Star Trek creator's son unsure about gay Sulu
The son of Star Trek creator Gene Roddenberry has said his father would have been on board with an Enterprise crew member being portrayed as gay, but is unsure if it should have been helmsman Hikaru Sulu.
Rod Roddenberry said his father would have been supportive of a gay Trek crew member and praised the Star Trek Beyond film makers for featuring an LGBT character. Gene Roddenberry died in 1991.
"I think he would be 100% in favour of a gay character in Star Trek," said Roddenberry. "There's so much going on in the world today. I think he would love any sort of social issue being brought into Star Trek."
Actor John Cho told Australia's Herald Sun last week that a scene in the upcoming film plainly presents Sulu with a male spouse raising an infant daughter.
Cho said he liked that the fact that the approach did not "make a big thing" out of it.
But original Sulu actor George Takei, 79, who is gay, has called the decision "unfortunate".
He told The Hollywood Reporter that he thought the character had been altered and would have preferred the film-makers to create a new gay character.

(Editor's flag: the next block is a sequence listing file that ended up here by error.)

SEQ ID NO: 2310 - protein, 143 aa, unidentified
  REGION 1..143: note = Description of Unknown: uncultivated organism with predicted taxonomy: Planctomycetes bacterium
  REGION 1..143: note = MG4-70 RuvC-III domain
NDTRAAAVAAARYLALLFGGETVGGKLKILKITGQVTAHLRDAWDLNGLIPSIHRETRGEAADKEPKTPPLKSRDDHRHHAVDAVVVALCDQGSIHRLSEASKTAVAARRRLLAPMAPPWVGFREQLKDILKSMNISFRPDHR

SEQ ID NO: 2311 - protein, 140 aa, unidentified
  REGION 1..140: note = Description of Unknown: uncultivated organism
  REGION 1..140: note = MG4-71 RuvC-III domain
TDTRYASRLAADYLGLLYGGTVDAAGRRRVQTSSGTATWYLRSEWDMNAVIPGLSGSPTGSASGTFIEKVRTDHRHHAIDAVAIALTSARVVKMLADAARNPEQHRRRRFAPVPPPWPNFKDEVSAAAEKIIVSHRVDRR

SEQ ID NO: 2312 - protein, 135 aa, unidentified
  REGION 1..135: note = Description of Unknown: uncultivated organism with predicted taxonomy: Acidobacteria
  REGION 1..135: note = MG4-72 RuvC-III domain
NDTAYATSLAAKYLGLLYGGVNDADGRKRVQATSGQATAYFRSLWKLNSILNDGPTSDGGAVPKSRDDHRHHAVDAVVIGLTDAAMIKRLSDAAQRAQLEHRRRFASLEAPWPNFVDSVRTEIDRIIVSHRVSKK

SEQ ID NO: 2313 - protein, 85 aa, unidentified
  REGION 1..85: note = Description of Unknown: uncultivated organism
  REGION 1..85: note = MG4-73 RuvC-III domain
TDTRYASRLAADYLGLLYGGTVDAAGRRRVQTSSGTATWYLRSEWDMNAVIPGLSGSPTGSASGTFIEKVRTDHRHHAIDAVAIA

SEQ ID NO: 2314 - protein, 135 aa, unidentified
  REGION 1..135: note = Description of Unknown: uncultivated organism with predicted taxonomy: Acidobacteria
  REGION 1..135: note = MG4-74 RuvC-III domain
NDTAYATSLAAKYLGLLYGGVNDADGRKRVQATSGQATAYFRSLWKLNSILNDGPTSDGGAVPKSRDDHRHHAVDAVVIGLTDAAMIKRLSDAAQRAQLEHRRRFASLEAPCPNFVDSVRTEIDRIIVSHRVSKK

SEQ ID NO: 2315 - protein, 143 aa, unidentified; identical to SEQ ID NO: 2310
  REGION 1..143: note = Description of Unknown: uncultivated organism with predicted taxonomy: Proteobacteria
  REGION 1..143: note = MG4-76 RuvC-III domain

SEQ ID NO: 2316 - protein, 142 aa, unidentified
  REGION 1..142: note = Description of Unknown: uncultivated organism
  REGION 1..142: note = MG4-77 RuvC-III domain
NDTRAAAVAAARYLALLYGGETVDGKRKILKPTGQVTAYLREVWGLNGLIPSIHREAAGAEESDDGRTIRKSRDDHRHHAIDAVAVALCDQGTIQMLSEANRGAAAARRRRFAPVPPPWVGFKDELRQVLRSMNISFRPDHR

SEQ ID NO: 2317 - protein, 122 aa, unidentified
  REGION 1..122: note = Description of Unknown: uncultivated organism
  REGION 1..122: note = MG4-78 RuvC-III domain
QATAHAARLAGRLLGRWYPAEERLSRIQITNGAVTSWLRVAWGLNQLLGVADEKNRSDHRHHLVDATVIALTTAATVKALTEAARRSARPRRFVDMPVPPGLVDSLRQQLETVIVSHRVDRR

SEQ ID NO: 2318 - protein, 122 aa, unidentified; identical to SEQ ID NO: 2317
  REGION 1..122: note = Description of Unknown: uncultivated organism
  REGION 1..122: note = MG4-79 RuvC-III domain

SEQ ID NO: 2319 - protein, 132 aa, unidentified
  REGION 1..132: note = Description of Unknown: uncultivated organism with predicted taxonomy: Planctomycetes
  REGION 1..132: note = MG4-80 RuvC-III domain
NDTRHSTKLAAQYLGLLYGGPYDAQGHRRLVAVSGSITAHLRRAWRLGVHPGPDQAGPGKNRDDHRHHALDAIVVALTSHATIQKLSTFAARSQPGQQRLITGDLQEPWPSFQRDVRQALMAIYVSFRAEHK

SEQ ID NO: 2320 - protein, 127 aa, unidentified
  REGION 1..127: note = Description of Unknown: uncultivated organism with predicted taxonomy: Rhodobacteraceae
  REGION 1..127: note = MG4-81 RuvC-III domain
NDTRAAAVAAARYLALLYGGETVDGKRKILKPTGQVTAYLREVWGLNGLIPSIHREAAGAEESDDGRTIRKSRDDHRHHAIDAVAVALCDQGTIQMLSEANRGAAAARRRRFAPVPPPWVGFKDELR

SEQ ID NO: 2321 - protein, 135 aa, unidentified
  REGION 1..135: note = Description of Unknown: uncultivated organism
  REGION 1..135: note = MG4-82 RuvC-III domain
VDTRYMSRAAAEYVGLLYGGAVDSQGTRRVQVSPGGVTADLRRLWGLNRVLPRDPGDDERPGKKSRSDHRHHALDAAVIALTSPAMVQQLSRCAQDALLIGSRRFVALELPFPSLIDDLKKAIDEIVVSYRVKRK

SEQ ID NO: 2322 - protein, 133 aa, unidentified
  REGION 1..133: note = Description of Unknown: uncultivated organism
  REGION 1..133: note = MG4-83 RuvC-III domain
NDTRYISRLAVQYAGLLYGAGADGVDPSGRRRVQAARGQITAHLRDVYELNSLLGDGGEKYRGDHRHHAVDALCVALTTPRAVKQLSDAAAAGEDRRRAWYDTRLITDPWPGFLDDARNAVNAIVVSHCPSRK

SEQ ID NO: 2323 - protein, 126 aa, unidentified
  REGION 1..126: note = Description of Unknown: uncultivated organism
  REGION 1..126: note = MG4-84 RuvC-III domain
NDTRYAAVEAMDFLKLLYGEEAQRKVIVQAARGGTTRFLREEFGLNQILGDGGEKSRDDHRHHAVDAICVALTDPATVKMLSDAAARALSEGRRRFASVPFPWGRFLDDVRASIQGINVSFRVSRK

Star Trek Beyond actor-screenwriter Simon Pegg defended the choice in a statement and said the film-makers wanted an LGBT character to be "someone we already knew because the audience has a pre-existing opinion of that character as a human being, unaffected by any prejudice".
Roddenberry said he understood Takei's opinion that his father probably did not intend for Sulu, who never had an on-screen love interest in the original TV and film series, to be gay.
"In a way, it's George's character," he said. "I can understand why he feels strongly about it. I don't see why everyone is bickering about it. It's about time. Let's just do it."
Roddenberry, who is serving as an executive producer on the upcoming Star Trek series on the CBS All Access online video service, said his father would have probably created a gay character to be featured in Star Trek: Deep Space Nine. The spin-off of Star Trek: The Next Generation ran from 1993 to 1999.